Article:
Black History Month started as Negro History Week in the 1920's, but was not seriously observed. In an attempt to change the ignorance and distorted views people had about black history. In 1926, Dr. Carter G. Woodson organized lectures, exhibitions, meetings, and symposia. He hoped to get black history taken more seriously. Dr Woodson designated the second week of February Black History Week.
The campaign was successful, and eventually Black History Week was extended to the entire month. Dr, Woodson strongly believed that in order for African Americans to be successful in their future, they needed to know that it was also their contributions that helped to build this nation. The month of February was chosen because it coincided with the birthdays of Black abolitionist Frederick Douglass, President Abraham Lincoln, and Langston Hughes.
White History Month is not needed because the contributions of whites are already acknowledged by society. Black History Month is meant to remedy this inequity of representation.
This year Black History Month will have a broader impact on the nation in general and more specifically in the Black community. This year, while celebrating Black History Month, Black Americans will have good reason to feel proud, walk with their heads high, their shoulders erect, and a new pep in their steps because a black man had been elected to the highest office in the United States.
Black History Month is different this year; the celebration will take place against the backdrop of unprecedented change in the nation's political leadership. On January the 20th Barack Obama took the oath of office to become the 44th president of the United States, the first black man elected to that office. Shortly after being elected President Obama named Washington lawyer Eric Holder as the nation's first black attorney-general. And last week the Republican National Committee made history by electing Michael Steele, a social conservative, as its first African American chairperson.
In light of these and other political advancements by African Americans; the question being asked, is Black History Month still needed?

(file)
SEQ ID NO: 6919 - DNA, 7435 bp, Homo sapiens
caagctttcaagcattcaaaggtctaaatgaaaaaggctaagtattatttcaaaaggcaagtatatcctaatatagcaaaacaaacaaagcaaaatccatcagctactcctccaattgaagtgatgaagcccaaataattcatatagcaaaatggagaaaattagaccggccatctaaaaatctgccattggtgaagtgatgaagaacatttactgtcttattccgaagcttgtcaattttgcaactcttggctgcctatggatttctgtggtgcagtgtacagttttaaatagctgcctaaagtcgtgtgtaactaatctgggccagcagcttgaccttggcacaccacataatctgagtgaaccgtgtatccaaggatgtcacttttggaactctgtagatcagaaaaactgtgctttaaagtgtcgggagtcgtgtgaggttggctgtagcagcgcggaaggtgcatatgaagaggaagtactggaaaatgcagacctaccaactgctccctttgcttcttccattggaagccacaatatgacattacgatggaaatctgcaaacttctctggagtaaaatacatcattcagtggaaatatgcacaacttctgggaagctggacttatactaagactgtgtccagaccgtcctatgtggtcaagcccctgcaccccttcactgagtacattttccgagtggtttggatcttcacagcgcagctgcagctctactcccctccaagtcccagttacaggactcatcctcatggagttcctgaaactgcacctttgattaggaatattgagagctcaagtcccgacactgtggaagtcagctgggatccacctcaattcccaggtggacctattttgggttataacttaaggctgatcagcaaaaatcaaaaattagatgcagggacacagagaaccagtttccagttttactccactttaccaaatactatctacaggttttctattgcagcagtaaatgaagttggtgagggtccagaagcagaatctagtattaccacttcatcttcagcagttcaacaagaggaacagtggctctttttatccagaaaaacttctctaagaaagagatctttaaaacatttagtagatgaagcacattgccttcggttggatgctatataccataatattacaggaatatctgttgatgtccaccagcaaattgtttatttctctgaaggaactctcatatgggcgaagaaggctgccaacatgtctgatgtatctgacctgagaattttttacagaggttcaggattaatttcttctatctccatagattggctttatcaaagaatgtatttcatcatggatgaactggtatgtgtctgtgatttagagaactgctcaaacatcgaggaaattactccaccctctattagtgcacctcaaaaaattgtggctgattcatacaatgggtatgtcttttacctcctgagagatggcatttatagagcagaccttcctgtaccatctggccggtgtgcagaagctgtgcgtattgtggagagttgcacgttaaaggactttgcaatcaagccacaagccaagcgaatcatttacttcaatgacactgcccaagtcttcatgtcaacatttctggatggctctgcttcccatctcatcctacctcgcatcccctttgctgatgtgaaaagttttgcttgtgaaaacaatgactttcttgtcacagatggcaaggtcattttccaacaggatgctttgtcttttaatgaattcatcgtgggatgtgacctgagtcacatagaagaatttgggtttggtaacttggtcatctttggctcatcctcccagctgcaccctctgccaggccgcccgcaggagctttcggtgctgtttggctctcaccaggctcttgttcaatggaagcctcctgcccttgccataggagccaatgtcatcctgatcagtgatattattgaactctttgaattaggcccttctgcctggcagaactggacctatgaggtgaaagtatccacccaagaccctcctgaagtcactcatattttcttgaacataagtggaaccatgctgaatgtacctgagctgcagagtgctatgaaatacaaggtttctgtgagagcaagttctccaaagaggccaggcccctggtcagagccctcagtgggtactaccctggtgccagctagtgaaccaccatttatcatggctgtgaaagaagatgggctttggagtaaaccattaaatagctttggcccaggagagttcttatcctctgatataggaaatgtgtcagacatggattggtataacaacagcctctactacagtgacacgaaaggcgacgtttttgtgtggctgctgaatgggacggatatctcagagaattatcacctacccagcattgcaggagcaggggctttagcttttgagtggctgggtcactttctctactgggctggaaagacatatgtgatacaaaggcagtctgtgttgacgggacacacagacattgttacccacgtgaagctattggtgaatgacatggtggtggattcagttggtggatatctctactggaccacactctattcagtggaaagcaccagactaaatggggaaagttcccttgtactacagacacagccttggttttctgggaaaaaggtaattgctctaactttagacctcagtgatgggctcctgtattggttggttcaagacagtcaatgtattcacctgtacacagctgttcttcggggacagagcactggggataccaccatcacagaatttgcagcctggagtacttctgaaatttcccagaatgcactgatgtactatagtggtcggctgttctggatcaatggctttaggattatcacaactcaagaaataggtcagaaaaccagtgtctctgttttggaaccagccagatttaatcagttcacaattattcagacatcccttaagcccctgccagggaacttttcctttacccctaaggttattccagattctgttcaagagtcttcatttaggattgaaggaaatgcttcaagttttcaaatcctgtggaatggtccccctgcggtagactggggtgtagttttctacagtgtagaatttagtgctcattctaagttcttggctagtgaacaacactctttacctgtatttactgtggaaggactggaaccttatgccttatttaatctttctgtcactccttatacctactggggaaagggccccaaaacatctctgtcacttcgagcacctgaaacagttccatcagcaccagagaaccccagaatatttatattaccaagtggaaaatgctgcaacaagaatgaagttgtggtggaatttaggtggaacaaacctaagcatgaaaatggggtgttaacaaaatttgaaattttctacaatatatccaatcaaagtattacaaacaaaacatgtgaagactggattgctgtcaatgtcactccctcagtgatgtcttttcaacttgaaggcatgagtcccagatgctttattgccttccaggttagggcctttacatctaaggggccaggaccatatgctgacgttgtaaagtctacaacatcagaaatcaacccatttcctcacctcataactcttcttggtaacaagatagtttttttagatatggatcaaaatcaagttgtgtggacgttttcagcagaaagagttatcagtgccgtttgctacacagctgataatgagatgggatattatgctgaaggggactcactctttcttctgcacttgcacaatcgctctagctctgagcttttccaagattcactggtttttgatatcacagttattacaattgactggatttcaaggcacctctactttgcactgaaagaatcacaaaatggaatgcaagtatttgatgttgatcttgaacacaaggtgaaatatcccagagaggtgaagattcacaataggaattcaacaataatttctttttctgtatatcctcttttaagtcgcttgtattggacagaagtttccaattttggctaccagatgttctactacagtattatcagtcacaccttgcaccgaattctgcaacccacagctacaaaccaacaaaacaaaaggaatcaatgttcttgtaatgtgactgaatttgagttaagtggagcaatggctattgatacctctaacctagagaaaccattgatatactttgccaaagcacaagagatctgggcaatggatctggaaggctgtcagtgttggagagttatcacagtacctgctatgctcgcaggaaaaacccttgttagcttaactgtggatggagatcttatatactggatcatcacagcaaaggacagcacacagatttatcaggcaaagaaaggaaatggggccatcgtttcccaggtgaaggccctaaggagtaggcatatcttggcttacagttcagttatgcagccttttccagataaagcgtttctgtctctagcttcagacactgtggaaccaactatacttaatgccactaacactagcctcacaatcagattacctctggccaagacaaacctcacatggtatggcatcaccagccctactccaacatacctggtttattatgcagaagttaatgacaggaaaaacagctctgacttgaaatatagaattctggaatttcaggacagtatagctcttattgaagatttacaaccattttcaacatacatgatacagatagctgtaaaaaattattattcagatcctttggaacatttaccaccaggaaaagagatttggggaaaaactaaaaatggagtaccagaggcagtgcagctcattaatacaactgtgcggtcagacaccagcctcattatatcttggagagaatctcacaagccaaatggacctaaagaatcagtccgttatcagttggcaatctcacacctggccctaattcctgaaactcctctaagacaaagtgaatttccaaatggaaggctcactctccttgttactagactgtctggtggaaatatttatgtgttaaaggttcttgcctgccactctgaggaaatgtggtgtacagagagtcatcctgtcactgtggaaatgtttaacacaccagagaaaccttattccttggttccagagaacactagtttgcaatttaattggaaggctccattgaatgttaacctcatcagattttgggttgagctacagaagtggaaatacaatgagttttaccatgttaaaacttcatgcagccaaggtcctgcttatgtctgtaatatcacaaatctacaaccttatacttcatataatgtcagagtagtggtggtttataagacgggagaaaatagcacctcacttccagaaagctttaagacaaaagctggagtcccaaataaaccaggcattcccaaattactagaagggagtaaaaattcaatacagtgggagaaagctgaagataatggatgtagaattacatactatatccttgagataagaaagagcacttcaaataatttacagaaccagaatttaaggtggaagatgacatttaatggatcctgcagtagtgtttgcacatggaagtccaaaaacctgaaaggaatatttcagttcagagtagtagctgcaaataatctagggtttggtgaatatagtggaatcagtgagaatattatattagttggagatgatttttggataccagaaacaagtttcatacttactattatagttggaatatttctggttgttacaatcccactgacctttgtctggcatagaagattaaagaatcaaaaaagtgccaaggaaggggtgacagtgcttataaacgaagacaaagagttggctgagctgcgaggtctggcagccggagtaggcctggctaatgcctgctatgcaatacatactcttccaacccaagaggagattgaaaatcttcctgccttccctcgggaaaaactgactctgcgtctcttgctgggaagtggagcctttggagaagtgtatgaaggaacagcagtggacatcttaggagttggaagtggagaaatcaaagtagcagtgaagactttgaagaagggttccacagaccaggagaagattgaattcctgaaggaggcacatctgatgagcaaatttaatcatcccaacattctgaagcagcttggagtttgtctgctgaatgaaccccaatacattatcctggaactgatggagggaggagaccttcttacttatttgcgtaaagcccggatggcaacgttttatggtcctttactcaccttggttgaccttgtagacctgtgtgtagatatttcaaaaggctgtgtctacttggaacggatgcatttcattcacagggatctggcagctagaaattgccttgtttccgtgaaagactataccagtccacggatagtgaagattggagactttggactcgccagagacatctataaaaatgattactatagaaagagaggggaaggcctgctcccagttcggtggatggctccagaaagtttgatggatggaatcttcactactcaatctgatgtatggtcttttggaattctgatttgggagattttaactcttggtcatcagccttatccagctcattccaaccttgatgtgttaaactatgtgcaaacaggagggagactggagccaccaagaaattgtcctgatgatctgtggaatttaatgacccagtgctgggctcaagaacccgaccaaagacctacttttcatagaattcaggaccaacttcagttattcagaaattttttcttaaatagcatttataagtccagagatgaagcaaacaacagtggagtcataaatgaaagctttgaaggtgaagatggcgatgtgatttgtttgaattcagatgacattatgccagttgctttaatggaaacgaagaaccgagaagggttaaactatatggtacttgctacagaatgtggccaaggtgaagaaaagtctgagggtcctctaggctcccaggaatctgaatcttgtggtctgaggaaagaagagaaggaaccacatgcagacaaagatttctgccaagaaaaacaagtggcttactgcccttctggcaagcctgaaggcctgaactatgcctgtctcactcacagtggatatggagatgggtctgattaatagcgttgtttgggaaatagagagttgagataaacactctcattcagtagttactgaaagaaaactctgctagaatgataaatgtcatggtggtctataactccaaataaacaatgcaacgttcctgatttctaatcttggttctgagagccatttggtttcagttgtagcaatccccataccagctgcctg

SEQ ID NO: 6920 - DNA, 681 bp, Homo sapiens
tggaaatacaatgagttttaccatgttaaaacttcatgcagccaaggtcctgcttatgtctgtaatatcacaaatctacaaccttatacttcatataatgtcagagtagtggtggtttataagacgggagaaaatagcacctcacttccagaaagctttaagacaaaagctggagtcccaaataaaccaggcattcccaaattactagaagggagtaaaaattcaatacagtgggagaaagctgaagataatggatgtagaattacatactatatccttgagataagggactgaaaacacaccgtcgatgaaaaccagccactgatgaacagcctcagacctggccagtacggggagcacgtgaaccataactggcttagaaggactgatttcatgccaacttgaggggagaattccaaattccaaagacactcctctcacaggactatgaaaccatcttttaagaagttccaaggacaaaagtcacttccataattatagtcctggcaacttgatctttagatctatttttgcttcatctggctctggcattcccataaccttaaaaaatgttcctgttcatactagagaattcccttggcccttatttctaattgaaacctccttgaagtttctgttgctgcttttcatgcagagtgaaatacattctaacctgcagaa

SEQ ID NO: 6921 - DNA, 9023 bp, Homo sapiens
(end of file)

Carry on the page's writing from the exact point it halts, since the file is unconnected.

Black History Month is much more than a means to elevate African Americans self-esteem. A commonly held belief is that Black History Month is not necessary because black people have made no contributions to civilization and therefore have no history to celebrate. This is the result of the attitude that blacks are "primitive" and "intellectually inferior" to whites. The facts are, however, people are just ignorant of the real contributions blacks have made. Black History has been absent in schools, and when this happens the myth of black people's inferiority is perpetuated in the minds of blacks and whites alike. It's common for an individual to complete K-1 through a doctoral program and learn nothing about Black Americans contributions to civilization.
The late senator of NY, Daniel Patrick Moynihan said, in his essay on Black Families, that black people had no history. That statement is obvious false; everything and everyone has a history. It's interesting that an intelligent and powerful Unites States Senator would make such a statement. When you stop and think about it traditional historians seldom recognize black people African roots or their American history.
There is a legend called "A Summer Legend" goes like this:
"What became of the Black People of Sumer?"
the traveler asked the old man, "for ancient records
show that the people of Sumer were Black. What
happened to them?" "Ah," the old man sighed.
"They lost their history, so they died."
I will direct your attention to a time in American's history known as the era of Reconstruction from 1863 to 1877. Reconstruction was a period of unprecedented political turmoil, conflicts and far reaching changes in the nature of American government. And on the national level, new laws and constitutional amendments altered for all time the federal system and the meaning of citizenship. In the South, a politically mobilized black community joined with white political allies to bring the Republican Party to power.
In the words of President Abraham Lincoln, the Civil War brought to America "a new birth of freedom." The Civil War began the nation's effort to come to term with the destruction of slavery and define the meaning of freedom. Reconstruction ushered in a new political reality for many African Americans who were elected to high political offices for the first time.